Ink-Slinger Profiles by Alex Jay: Hal Probasco

Harold Edward “Hal” Probasco was born in Binghamton, New York, on July 2, 1895, according to his World War I draft card. In the 1900 U.S. Federal Census, Probasco was the only child of Gurdon, a nurse, and Anna. They resided in Binghamton at 9 Milford Street. The same address was recorded in the 1905 New York state census and 1910 national census.

In 1910, Probasco was a newsboy with a daily paper. A few years later, he came under the guidance of Eugene “Zim” Zimmerman.

Probasco signed his World War I draft card on June 5, 1917. The card said he resided in Manhattan, New York City at 328 West 57 Street, and was an advertising artist employed at Fidelity & Casualty Company, 92 Liberty Street, New York City. He was described as tall and slender with gray eyes and brown hair.

The Elmira Star Gazette (New York), July 26, 1919, reported Probasco’s progress as a professional cartoonist.

Owego Cartoonist Is Doing Good Work

Owego, N. Y., July 26.—Harold E. Probasco of New York City, formerly of Oswego, recently obtained an engagement as a cartoonist with the Central Press Association, of Cleveland, Ohio, one of the largest newspaper syndicates in this country. His work is now appearing in the newspapers of more than 50 cities in the United States. Mr. Probasco’s headquarters are in New York City, where he has an office in the Pulitzer building in Park Row. Some of his work has appeared in the Elmira Star-Gazette and has been noted by his many friends in this village, who expressed highly complimentary opinions concerning it.

About three years ago Mr. Probasco went to New York City with the intention of “breaking” into the “cartoonist” field there. He had few acquaintances in the city and he was absolutely without friends in positions of influence. He did carry, however, in addition to a bunch of clever pen and ink drawings, letters of introduction from Eugene Zimmerman, of Horseheads, the “Zim” of nation-wide fame. Mr. Probasco had received some instruction from Mr. Zimmerman. Their acquaintance began a year or two before, while Mr. Probasco was living at Hiawatha. He plastered the old ferry boat, run at that time by the late Mrs. Effa Ann Barton, with several samples of his drawings. While on a motor trip Mr. Zimmerman saw these drawings, and made inquiries which led to a meeting between the veteran and the youngster. Mr. Zimmerman entertained Mr. Probasco at his studio and then offered to give him free instruction, which offer he quickly accepted and from which he greatly profited.

Editor & Publisher, November 13, 1919, profiled Probasco in its column, “Little Tragedies of a Newspaper Office.”

American Newspaper Comics (2012) said Probasco’s Terrible Tessie and That’s Different, began in 1919 and continued into 1921.

Probasco has not yet been found in the 1920 census.

On October 28, 1922, Probasco married Helen L Byington, as recorded in Cuyahoga County, Ohio, Marriage Records and Indexes at

Probasco passed away April 22, 1923. Two days later, the Binghamton Press reported his death.

Death Cuts Short Career of Probasco

Young Cartoonist, Native of Oswego and Product of Binghamton Schools, Had Made Excellent Progress with Drawings

Harold E. Probasco, a cartoonist, native of Oswego and distinctive product of Binghamton schools, who had been winning name and fame with pen and ink in the Middle West, died last Sunday morning after an illness of two weeks duration from inflammatory rheumatism, which fatally attacked the heart at his home in Cleveland, Oh. He had been in failing health for many weeks.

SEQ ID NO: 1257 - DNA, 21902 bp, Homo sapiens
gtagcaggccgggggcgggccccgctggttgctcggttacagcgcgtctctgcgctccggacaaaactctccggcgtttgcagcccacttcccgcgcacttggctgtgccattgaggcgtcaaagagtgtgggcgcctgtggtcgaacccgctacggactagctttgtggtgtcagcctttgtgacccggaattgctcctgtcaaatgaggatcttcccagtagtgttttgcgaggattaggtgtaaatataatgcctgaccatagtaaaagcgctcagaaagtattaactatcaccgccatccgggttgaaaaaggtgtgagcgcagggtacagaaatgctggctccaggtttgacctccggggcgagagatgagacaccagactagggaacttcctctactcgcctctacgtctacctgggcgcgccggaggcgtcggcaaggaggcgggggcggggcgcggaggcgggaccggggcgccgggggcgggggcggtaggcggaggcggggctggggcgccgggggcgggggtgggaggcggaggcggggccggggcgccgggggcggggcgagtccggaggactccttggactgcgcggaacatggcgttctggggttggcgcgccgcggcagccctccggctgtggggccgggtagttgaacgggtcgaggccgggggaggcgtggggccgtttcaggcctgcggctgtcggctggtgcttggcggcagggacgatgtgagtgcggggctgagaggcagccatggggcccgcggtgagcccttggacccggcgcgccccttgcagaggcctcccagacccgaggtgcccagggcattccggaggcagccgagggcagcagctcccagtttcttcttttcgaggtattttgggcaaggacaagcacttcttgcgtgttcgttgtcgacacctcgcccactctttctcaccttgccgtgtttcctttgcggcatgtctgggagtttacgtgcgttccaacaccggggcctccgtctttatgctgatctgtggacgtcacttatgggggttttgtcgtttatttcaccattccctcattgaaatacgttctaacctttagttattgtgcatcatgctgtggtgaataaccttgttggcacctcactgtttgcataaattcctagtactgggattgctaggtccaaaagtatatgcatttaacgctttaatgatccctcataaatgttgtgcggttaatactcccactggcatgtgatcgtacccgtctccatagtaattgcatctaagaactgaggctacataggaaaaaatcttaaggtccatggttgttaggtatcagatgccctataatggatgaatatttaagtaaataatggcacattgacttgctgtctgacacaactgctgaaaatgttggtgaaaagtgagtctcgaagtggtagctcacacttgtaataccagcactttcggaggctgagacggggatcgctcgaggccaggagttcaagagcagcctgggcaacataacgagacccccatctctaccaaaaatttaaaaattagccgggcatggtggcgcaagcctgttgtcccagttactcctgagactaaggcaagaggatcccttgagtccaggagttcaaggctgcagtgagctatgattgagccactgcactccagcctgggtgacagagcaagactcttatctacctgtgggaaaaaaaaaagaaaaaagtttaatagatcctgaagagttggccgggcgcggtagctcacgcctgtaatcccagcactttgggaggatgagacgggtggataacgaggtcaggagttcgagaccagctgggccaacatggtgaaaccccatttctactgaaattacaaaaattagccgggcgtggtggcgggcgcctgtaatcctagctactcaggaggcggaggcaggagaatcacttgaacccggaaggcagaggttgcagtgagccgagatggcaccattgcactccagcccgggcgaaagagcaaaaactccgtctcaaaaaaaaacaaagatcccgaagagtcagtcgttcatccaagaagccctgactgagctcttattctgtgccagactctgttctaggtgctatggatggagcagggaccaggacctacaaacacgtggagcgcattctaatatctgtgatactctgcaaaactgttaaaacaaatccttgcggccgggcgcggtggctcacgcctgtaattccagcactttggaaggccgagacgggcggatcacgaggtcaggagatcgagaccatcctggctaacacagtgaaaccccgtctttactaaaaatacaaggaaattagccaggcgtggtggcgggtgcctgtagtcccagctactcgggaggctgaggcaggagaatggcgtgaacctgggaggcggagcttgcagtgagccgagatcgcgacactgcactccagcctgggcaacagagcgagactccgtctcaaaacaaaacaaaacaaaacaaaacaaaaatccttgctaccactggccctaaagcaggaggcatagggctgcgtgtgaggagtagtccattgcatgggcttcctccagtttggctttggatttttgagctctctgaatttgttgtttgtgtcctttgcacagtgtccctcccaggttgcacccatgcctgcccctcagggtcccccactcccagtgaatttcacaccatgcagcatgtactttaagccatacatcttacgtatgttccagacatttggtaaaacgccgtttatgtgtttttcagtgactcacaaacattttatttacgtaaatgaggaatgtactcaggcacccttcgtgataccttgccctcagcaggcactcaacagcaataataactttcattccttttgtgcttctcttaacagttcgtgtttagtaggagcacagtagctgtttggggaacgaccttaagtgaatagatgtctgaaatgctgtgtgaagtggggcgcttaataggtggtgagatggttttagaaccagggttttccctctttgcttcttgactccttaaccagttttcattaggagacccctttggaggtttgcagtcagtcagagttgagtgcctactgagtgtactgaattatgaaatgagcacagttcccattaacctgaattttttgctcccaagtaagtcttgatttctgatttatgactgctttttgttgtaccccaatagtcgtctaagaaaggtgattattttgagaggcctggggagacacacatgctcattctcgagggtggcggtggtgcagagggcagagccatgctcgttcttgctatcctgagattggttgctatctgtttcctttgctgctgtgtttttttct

Harold Probasco was the son of Gordon C. Probasco, for years resident of 9 Milford street, this city. His father for many years was an attendant at the Binghamton State Hospital and the family was prominent among residents of the East Side. His father’s death occurred about three or four years ago, just when fame was coming to his talented son.

The young cartoonist was in a large sense, self-made. He discovered his own natural talents as a cartoonist, and also developed an excellent sense of proportion of facts, and handled them in cartoon form. When he was only a little more than 15 years of age—and that was about 12 years ago—his work took on the firmer touch of maturity. He was still a student in the public schools, and is remembered for his vigorous young life and his talents as a student. While some of his work found publication in the local press he sought broader fields afar, and soon had won the friendship of Zimmerman “Zim” a native of nearby Horseheads, N.Y., and thereby gained broader vision. “Zim” is the chief artist of “Judge” the comic weekly. As a result of his new ideals Mr. Probasco turned to the larger cities and began to carve a name for himself.

He finally scored success in two new series of productions that drew the public eye—“Terrible Tessie” and “That’s Different.” He located in Cleveland, Ohio, where he made his home. Of recent months he had been specializing in sport cartoons and had established himself among the leaders in that type of drawings when he was taken ill. Many of his cartoons have appeared, from time to time, in the columns of The Binghamton Press.

Mr. Probasco was with the Cleveland branch of the Central Press Association of New York city, and upon his wedding day, Oct. 27 [sic], last, the head of the concern was present and promised him a position in New York city this spring.
He was born 28 years ago, on July 2, 1895, at Oswego, Tioga county, N. Y. Last October he was married to Miss Helen Byington, who survives him; also his mother, Mrs. Anna Archibald of Owego, formerly of this city.

The funeral will be held at 2:30 o’clock Thursday afternoon at the home of his mother in Owego, N.Y., and burial will take place in that village.

On April 25th, the Binghamton Press published a summary of Probasco’s death and a photograph.

—Alex Jay

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